I can’t find the A01 for sale anywhere yet. I would expect the price to be under $20, though.
From just a fun standpoint, the Brinyte A01 Apollo is fairly fun. The Red, Green, and Blue output makes this a fairly good lantern/toy, and something I wouldn’t mind handing to a kid to play around with. I love that it can use an 14500 cell, and even gets an output bump when using one, but performance with an AA is good enough, too.
^ Measurement disclaimer: I am an amateur flashlight reviewer. I don’t have $10,000 or even $1,000 worth of testing equipment. I test output and such in PVC tubes!! Please consider claims within 10% of what I measure to be perfectly reasonable (accurate, even).
Brinyte A01 Apollo Flashlight
Spare o-rings (2)
Primary AA battery
Manual and paperwork
Package and Manual
I love this little wax paper package for the spare o-rings. So much better than those tiny zip-top baggies!!
Build Quality and Disassembly
Brinyte describes the A01 Apollo as “a practical and compact four-color EDC light.” I couldn’t say I’d use this one for EDC, really; I’d probably consider it more of a keychain lantern style light. Or just a colored lantern.
While the light looks wholly plastic, it’s not actually – the flashlight bits are aluminum and they have a clear plastic sleeve. I think the metal-looking part (the “front” of the light) is aluminum too. That’s great for heat management, though this light isn’t driven hard anyway.
I should note that I did flip the little blue ring. It made more sense from my vantage point to have the text legible when the light was headstanding. However that might be “backward” (or “upside-down”) – all the product photos show this blue band with the text the other way.
As you can see, the threads here are long and aluminum. There are two o-rings, which help support the 150 meters underwater rating.
All of the RGB that’s displayed on the body comes from the ring built into the head.
Only the negative terminal has a spring, but it’s enough. This isn’t a tactical flashlight!
The aluminum walls are actually fairly thick, too!
Size and Comps
Dimension 30.5mm (Head Dia) x 76.15mm (Length) / 1.2in (Head Dia) x 3in (Length) Net Weight 50g/1.76oz(excluding battery)
If the flashlight will headstand, I’ll show it here (usually the third photo). If the flashlight will tailstand, I’ll show that here, too (usually the fourth photo).
Here’s the test light with the venerable Convoy S2+. Mine’s a custom “baked” edition Nichia 219b triple. A very nice 18650 light.
And here’s the light beside my custom engraved TorchLAB BOSS 35, an 18350 light. I reviewed the aluminum version of that light in both 35 and 70 formats.
Retention and Carry
I have just carried the Brinyte A01 Apollo flashlight loose in my pocket, but a lanyard is included. There’s just one place to attach the lanyard, and that’s this loop in the tail end.
Power and Runtime
Brinyte surprisingly uses a driver here that supports both one 1.5V cell or one 4.2V cell. The cell size is AA, so any type AA will work, including primary alkaline, NiMH AA, and the 14500 lithium-ion sized cells.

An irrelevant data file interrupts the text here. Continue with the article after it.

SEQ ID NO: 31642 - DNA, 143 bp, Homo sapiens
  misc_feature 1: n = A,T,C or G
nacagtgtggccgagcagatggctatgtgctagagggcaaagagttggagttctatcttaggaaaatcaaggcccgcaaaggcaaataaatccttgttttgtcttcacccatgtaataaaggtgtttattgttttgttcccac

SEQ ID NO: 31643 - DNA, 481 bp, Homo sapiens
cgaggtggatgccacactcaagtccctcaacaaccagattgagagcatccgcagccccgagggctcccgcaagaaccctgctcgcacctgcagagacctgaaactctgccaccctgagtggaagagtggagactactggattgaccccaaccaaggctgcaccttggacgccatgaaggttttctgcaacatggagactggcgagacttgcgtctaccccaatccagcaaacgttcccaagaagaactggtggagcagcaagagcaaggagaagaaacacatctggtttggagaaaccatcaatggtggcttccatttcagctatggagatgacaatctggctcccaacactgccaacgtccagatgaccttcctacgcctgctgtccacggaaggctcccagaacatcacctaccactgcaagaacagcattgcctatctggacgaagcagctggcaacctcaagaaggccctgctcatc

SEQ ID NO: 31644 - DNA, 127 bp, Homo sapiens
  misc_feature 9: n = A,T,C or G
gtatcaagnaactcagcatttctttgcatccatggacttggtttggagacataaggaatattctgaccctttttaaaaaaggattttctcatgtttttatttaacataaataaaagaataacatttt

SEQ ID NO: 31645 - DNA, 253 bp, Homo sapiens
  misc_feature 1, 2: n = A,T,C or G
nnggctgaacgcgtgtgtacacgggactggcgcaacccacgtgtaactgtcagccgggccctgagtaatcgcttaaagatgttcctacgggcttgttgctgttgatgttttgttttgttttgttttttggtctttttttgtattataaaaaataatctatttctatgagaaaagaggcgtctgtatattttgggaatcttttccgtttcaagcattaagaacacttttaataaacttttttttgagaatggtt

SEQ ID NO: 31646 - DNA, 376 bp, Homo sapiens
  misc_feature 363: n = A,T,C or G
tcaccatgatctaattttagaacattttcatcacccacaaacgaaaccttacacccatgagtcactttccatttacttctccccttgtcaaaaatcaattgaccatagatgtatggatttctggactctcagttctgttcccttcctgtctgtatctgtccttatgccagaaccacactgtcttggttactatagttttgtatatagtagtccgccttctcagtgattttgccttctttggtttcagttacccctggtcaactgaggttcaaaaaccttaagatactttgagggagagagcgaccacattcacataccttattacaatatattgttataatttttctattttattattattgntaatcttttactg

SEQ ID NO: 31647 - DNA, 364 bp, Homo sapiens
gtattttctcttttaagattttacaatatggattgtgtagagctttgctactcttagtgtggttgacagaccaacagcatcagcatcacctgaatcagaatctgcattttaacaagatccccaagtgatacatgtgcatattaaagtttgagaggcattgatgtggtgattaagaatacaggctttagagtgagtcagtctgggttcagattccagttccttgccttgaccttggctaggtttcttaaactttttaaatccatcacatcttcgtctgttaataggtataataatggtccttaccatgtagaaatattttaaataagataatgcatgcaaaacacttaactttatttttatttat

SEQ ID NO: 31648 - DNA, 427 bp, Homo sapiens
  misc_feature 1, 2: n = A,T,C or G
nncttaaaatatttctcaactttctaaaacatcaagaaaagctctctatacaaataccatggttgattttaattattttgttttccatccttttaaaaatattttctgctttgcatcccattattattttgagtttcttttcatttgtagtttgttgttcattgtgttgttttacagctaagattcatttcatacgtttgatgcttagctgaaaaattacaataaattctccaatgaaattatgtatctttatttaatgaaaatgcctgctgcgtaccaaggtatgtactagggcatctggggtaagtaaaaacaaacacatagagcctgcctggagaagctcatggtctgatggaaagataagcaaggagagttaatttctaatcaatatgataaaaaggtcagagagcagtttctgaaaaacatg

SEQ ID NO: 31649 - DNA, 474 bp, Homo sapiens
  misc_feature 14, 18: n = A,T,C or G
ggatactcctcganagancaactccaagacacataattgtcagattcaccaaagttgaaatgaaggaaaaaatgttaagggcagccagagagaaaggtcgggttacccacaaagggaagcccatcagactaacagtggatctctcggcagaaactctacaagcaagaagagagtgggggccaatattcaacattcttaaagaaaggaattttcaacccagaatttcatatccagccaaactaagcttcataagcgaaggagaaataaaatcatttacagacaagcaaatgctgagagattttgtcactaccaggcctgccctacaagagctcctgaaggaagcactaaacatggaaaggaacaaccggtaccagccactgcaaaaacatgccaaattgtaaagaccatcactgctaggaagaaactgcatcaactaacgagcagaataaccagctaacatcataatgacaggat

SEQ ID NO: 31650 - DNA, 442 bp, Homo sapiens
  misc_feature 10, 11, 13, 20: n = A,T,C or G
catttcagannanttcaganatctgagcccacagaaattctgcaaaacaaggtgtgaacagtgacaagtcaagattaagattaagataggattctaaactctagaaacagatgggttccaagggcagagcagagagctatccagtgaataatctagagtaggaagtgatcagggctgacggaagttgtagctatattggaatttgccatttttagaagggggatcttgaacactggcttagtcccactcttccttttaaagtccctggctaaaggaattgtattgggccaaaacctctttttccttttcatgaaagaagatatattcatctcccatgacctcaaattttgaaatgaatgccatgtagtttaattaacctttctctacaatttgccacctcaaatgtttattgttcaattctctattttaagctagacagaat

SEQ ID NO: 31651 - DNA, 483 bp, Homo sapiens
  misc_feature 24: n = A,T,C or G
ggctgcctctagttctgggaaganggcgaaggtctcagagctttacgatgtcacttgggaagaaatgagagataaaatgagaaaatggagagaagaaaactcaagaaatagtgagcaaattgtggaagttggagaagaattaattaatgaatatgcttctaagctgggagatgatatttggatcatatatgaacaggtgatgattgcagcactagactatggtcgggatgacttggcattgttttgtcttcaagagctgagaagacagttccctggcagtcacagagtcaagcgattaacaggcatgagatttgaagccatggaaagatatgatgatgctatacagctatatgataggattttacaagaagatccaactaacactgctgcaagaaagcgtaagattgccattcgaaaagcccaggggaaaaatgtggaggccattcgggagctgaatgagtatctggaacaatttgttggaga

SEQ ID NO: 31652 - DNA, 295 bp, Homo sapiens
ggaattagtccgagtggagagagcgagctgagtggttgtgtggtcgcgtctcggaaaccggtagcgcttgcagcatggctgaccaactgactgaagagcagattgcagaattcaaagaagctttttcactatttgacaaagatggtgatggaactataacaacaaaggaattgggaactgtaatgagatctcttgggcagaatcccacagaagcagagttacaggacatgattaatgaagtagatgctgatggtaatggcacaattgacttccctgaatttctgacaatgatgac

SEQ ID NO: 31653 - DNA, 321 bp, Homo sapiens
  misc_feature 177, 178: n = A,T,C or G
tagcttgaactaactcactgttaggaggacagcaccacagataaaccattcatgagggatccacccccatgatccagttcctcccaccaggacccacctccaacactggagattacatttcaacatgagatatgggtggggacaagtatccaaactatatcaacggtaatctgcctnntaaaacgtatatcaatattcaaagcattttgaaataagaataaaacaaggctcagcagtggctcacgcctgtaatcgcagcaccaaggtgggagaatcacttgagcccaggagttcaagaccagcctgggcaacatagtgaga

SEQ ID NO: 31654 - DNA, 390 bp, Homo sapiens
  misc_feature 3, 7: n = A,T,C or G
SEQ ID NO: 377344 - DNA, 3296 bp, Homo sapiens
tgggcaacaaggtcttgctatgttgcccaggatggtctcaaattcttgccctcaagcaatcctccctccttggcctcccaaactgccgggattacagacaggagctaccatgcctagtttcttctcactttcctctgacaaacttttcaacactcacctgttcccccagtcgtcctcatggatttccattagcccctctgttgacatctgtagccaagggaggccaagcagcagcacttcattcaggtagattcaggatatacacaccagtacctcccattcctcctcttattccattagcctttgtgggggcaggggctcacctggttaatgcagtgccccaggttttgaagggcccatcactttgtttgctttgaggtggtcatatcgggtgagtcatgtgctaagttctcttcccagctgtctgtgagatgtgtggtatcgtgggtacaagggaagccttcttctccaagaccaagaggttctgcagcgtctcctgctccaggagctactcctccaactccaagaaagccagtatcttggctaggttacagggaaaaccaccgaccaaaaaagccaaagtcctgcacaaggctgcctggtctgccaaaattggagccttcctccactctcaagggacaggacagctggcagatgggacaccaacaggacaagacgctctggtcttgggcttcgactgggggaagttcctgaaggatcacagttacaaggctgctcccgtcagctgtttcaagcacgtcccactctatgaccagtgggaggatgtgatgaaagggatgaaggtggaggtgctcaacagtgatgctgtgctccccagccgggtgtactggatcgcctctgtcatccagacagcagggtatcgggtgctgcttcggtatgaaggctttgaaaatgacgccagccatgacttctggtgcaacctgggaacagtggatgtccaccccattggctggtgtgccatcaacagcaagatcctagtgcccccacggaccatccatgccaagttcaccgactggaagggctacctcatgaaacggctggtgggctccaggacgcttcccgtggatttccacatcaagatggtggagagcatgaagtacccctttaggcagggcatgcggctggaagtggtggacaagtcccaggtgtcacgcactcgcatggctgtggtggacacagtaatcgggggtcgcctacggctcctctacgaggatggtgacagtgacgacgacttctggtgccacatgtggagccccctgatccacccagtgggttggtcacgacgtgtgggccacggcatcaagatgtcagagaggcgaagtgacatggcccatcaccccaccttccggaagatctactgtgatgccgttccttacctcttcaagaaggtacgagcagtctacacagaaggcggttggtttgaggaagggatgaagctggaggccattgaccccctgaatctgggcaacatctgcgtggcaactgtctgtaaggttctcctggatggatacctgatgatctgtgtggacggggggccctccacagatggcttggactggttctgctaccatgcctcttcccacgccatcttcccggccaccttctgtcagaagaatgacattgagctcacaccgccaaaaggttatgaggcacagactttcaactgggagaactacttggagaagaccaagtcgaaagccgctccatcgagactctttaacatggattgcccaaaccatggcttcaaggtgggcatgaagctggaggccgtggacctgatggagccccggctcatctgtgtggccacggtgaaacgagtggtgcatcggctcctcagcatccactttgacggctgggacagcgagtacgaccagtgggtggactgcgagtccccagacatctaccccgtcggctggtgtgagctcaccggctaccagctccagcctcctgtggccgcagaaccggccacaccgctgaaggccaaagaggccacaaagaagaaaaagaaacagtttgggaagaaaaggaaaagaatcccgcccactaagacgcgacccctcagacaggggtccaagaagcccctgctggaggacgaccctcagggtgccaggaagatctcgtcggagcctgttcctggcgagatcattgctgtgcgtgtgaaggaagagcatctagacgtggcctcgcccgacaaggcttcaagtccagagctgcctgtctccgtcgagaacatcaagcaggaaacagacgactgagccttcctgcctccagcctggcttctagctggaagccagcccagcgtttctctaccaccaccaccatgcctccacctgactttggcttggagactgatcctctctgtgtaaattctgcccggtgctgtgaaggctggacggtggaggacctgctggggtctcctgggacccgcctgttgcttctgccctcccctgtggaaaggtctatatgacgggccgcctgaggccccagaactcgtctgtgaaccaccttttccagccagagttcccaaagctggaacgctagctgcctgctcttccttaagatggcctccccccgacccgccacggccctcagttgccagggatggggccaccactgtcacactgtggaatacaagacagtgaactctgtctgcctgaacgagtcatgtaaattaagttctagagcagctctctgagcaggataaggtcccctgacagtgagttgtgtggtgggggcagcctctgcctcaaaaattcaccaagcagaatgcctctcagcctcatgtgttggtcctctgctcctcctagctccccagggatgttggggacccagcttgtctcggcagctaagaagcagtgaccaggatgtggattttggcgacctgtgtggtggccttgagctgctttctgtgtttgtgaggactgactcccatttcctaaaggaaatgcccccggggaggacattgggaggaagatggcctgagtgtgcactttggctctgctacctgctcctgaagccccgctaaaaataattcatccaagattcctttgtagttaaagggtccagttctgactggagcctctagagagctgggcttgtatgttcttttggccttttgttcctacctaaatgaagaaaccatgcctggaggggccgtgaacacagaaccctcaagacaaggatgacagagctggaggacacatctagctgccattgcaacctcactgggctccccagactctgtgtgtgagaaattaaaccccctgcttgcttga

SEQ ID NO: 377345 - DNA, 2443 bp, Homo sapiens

A primary alkaline cell is included. Whatever type cell you use, it is installed into the A01 with the positive terminal toward the head.
Output is more or less as you could probably guess. Lithium-ion provides higher output, and output just falls off as cell voltage falls off.
Output with the 1.5V cell is similar, but does hold near the rating of 50 lumens much more steadily and for longer.
Modes and Currents
Mode Claimed Output (lm)
Tailcap Amps @1.5V
Mode Claimed Output (lm)
Tailcap Amps @4.2V
Pulse Width Modulation
There’s some very slow PWM used on the A01. Below are graphs for just the white output. I am showing my usual timescale, but I had to back that window out quite a bit so you can see more of the full picture. The PWM is very slow. Interestingly, the PWM seems to be the same for both AA and 14500.
For reference, here’s a baseline shot, with all the room lights off and almost nothing hitting the sensor. Also, here’s the light with the worst PWM I could find. I’m adding multiple timescales, so it’ll be easier to compare to the test light. Unfortunately, the PWM on this light is so bad that it doesn’t even work with my normal scale, with is 50 microseconds (50us). 10ms. 5ms. 2ms. 1ms. 0.5ms. 0.2ms. In a display faster than 0.2ms or so, the on/off cycle is more than one screen, so it’d just (very incorrectly) look like a flat line. I wrote more about this Ultrafire WF-602C flashlight and explained a little about PWM too.
User Interface and Operation
The Brinyte A01 Apollo flashlight is a twisty light. This grippy ring helps with actuation, and the twist-action is very smooth.
Here’s a UI table!
On (Next Mode Memory)
That’s probably one of the more simple UI tables I’ve written, but the “next mode memory” both tells you what you’ll get when you turn on the light, and how to advance through the modes. For the record, next mode memory is terrible.
LED and Beam
As far as I can tell, Brinyte does not state what any of the emitters are in this little light. It doesn’t matter so much for the RGB, but it’d be nice to have a specific emitter stated for the white output.
When headstanding, no light will escape. The A01 can really not be used as a white lantern. The lantern feature only works for RGB.
The beam profile is surprisingly great, in actuality, for the white mode.
LED Color Report (CRI and CCT)
These beamshots are always with the following settings: f8, ISO100, 0.3s shutter, and manual 5000K exposure. I accidentally’d these beamshots and they’re actually at f8, ISO1000, 0.3s shutter, and manual 5000K exposure. I’ll probably update these later at the normal settings.